Battle Books Revisited March 6, 2014Posted by ccbooks in Nerd Line.
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The Battle of the Kids Books officially starts on Monday! So here are my comments on the books heading into the ring. Bear in mind that these are VERY rough thoughts, especially for those titles that I read six months ago and haven’t opened since!
All the Truth that’s in Me: I finally got around to this one after it was picked for the Battle. The somewhat disjointed style (and the present tense narration) are not my favorite and at a certain point, I just wanted to know the ending without really caring how we got there.
The Animal Book: I loved this book and sold many, many copies over the Christmas season. Definitely one of my top non-fiction picks of the year–I always learn something interesting from Steve Jenkins’ books.
Boxers & Saints: Possibly my favorite graphic novel I read last year. I was so grateful I got to hear Yang speak about these books and learn a little more about the journey he took in telling these stories. I was hugely disappointed this did not get any love at the YMAs.
A Corner of White: I just finished this, having started it months ago and put it down, put off by what I saw as a twee magical kingdom concept and a boring protagonist. I admit that I was wrong. The ending especially just knocked it out of the park and I can’t wait to read the second book in the series.
Doll Bones: I really enjoyed this, having been a big fan of similar games as a kid. That said, I haven’t felt compelled to re-read it recently and none of the characters really stuck with me.
Eleanor & Park: Despite the fact that I identify far more closely with the protagonist of Fangirl, I believe that E & P is the better book and the relationship between the main characters is amazing. I can easily see this coming back from the dead, should it get knocked out earlier in the Battle.
Far Far Away: I really enjoyed this creepy fairy tale and the oddly distanced narrator worked for me. Not in my top ten, but still a good read.
Flora & Ulysses: I loved both main characters in this story and was thrilled that it won the Newbery. Can it beat the Newbery Curse?
Hokey Pokey: Pacing was an issue for me, but once I got past all the introductory stuff and descriptions and hit the urgency of this day being different for Jack, I really enjoyed this one.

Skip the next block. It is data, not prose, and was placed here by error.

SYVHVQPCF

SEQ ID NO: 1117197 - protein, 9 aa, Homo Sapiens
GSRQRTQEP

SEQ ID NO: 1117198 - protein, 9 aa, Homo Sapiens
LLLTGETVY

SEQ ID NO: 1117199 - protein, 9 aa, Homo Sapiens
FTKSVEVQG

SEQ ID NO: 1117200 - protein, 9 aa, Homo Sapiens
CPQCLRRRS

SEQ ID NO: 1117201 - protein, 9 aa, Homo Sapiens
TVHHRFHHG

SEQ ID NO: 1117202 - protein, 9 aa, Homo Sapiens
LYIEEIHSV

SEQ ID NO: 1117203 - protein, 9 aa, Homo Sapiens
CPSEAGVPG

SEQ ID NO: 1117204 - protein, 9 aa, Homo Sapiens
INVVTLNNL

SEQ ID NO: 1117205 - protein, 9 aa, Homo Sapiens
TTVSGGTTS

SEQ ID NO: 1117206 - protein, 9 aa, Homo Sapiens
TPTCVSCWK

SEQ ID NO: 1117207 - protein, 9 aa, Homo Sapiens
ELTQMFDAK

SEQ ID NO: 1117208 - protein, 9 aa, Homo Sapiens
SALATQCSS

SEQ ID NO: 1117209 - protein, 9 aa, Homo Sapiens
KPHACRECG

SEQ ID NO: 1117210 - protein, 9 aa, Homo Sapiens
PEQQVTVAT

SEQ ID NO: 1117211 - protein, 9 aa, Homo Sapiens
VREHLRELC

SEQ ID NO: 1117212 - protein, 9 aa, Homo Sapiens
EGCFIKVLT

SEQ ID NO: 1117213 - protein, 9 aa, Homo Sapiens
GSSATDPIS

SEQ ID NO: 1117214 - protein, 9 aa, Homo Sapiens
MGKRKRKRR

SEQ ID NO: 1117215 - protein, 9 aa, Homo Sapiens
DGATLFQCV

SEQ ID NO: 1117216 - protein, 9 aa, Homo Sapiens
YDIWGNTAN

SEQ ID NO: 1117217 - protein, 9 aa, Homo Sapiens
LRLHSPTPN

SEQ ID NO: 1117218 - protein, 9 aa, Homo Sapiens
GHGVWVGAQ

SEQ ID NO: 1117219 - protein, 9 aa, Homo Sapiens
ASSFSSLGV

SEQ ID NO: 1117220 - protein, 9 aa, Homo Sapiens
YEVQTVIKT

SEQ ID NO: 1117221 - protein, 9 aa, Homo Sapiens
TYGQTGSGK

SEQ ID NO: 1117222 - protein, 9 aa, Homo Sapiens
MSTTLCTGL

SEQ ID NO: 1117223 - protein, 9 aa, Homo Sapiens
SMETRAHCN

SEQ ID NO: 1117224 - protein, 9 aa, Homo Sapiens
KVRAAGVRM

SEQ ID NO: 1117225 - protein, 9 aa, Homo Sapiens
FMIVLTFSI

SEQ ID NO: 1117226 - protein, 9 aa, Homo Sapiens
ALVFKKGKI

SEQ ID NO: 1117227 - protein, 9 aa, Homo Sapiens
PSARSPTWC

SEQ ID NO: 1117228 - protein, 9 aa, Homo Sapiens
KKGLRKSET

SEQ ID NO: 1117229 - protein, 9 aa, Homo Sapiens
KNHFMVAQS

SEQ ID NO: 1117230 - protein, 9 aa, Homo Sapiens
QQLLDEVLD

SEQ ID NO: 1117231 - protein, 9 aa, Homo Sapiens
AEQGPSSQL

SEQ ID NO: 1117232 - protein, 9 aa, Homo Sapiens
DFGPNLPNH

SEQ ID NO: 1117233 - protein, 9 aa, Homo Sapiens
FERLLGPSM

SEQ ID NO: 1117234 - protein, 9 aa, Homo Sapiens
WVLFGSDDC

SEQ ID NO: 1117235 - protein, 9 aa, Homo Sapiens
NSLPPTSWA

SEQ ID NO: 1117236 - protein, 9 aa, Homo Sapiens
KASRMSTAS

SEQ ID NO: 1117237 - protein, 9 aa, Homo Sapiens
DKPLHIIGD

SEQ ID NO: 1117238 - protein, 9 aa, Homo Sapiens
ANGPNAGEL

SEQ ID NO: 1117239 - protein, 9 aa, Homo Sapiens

March Book One: I was lucky enough to hear John Lewis speak multiple times at my college and I sang for him on several of those occasions as part of the college choir. This is a wonderful introduction to the civil rights era and his experiences as a leader and activist. I hope it becomes widely read and appreciated.
Midwinterblood: This one really did nothing for me. I didn’t hate it, but after how much I loved Revolver by the same author, I was pretty disappointed. The format didn’t build into anything bigger and more meaningful and I didn’t really care about any of the characters (in any reincarnation).
P.S. Be Eleven: Delphine is one of my favorite middle grade characters ever. While the episodic structure of this title didn’t build for me as smoothly or effectively as One Crazy Summer, I’m still a big fan.
Rose Under Fire: It didn’t quite tear my heart out in the same way as Code Name Verity, but it would be unfair to expect that. I loved every single character in this story (Anna Engel!!!) and got to hear Wein speak about it back in May, which was a thrill.
The Thing About Luck: This was an ARC that I picked up, read a few pages, and put down. When it started getting love on the Heavy Medal blog, I went back and tried it again. Kadohata’s work is never going to really be my favorite–the style is just too slow for me. That said, I love the character building, there were lots of funny moments and I appreciated learning about a group of workers I never knew about before.
True Blue Scouts of Sugar Man Swamp: Similarly, Kathi Appelt is a writer I appreciate, but hasn’t been one of my favorites. However, I LOVED this title and really wish I still had a classroom to read it aloud with. Great voice and setting and just a fun, rollicking adventure all around.
What the Heart Knows: I pre-ordered this as soon as I knew it was coming out. Joyce Sidman is one of my favorite poets and every single poem in this collection touched me in a different way. I want to have printed copies of them on little cards that I can carry in my pocket as a talisman. Another title I was very sad to see without a shiny sticker after the YMAs.
Another March, Another SLJ BOB February 19, 2014Posted by ccbooks in Nerd Line.